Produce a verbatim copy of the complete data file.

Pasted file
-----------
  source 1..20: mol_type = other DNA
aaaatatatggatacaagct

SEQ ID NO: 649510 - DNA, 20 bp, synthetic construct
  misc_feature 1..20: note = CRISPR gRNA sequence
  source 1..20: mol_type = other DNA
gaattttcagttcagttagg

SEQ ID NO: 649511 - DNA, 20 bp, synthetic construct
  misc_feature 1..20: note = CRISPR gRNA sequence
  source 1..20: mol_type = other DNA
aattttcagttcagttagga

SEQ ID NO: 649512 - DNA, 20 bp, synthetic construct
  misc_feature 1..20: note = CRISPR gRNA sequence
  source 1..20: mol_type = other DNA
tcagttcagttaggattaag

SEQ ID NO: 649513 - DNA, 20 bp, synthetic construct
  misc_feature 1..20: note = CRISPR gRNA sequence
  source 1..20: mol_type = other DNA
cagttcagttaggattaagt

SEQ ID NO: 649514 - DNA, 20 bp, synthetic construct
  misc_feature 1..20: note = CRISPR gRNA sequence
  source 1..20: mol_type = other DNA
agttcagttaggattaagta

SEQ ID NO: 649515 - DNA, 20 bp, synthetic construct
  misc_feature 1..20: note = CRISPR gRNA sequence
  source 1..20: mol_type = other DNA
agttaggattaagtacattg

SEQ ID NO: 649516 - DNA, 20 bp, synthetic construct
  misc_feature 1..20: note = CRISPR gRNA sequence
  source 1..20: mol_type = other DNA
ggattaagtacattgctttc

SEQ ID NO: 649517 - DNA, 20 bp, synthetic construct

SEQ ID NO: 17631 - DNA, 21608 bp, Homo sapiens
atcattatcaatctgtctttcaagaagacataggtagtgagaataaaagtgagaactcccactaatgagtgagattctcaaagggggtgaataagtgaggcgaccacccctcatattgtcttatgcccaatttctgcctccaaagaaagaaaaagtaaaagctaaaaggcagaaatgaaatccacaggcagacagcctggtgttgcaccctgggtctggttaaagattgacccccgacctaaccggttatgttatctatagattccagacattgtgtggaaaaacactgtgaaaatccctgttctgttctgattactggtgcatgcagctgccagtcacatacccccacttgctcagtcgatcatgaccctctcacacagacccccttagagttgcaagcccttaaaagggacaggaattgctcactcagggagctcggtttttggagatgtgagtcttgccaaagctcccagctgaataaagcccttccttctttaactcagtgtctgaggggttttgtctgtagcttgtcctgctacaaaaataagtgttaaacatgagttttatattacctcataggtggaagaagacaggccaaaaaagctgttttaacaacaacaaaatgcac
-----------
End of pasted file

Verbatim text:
  source 1..20: mol_type = other DNA
aaaatatatggatacaagct

SEQ ID NO: 649510 - DNA, 20 bp, synthetic construct
  misc_feature 1..20: note = CRISPR gRNA sequence
  source 1..20: mol_type = other DNA
gaattttcagttcagttagg

SEQ ID NO: 649511 - DNA, 20 bp, synthetic construct
  misc_feature 1..20: note = CRISPR gRNA sequence
  source 1..20: mol_type = other DNA
aattttcagttcagttagga

SEQ ID NO: 649512 - DNA, 20 bp, synthetic construct
  misc_feature 1..20: note = CRISPR gRNA sequence
  source 1..20: mol_type = other DNA
tcagttcagttaggattaag

SEQ ID NO: 649513 - DNA, 20 bp, synthetic construct
  misc_feature 1..20: note = CRISPR gRNA sequence
  source 1..20: mol_type = other DNA
cagttcagttaggattaagt

SEQ ID NO: 649514 - DNA, 20 bp, synthetic construct
  misc_feature 1..20: note = CRISPR gRNA sequence
  source 1..20: mol_type = other DNA
agttcagttaggattaagta

SEQ ID NO: 649515 - DNA, 20 bp, synthetic construct
  misc_feature 1..20: note = CRISPR gRNA sequence
  source 1..20: mol_type = other DNA
agttaggattaagtacattg

SEQ ID NO: 649516 - DNA, 20 bp, synthetic construct
  misc_feature 1..20: note = CRISPR gRNA sequence
  source 1..20: mol_type = other DNA
ggattaagtacattgctttc

SEQ ID NO: 649517 - DNA, 20 bp, synthetic construct

SEQ ID NO: 17631 - DNA, 21608 bp, Homo sapiens
atcattatcaatctgtctttcaagaagacataggtagtgagaataaaagtgagaactcccactaatgagtgagattctcaaagggggtgaataagtgaggcgaccacccctcatattgtcttatgcccaatttctgcctccaaagaaagaaaaagtaaaagctaaaaggcagaaatgaaatccacaggcagacagcctggtgttgcaccctgggtctggttaaagattgacccccgacctaaccggttatgttatctatagattccagacattgtgtggaaaaacactgtgaaaatccctgttctgttctgattactggtgcatgcagctgccagtcacatacccccacttgctcagtcgatcatgaccctctcacacagacccccttagagttgcaagcccttaaaagggacaggaattgctcactcagggagctcggtttttggagatgtgagtcttgccaaagctcccagctgaataaagcccttccttctttaactcagtgtctgaggggttttgtctgtagcttgtcctgctacaaaaataagtgttaaacatgagttttatattacctcataggtggaagaagacaggccaaaaaagctgttttaacaacaacaaaatgcac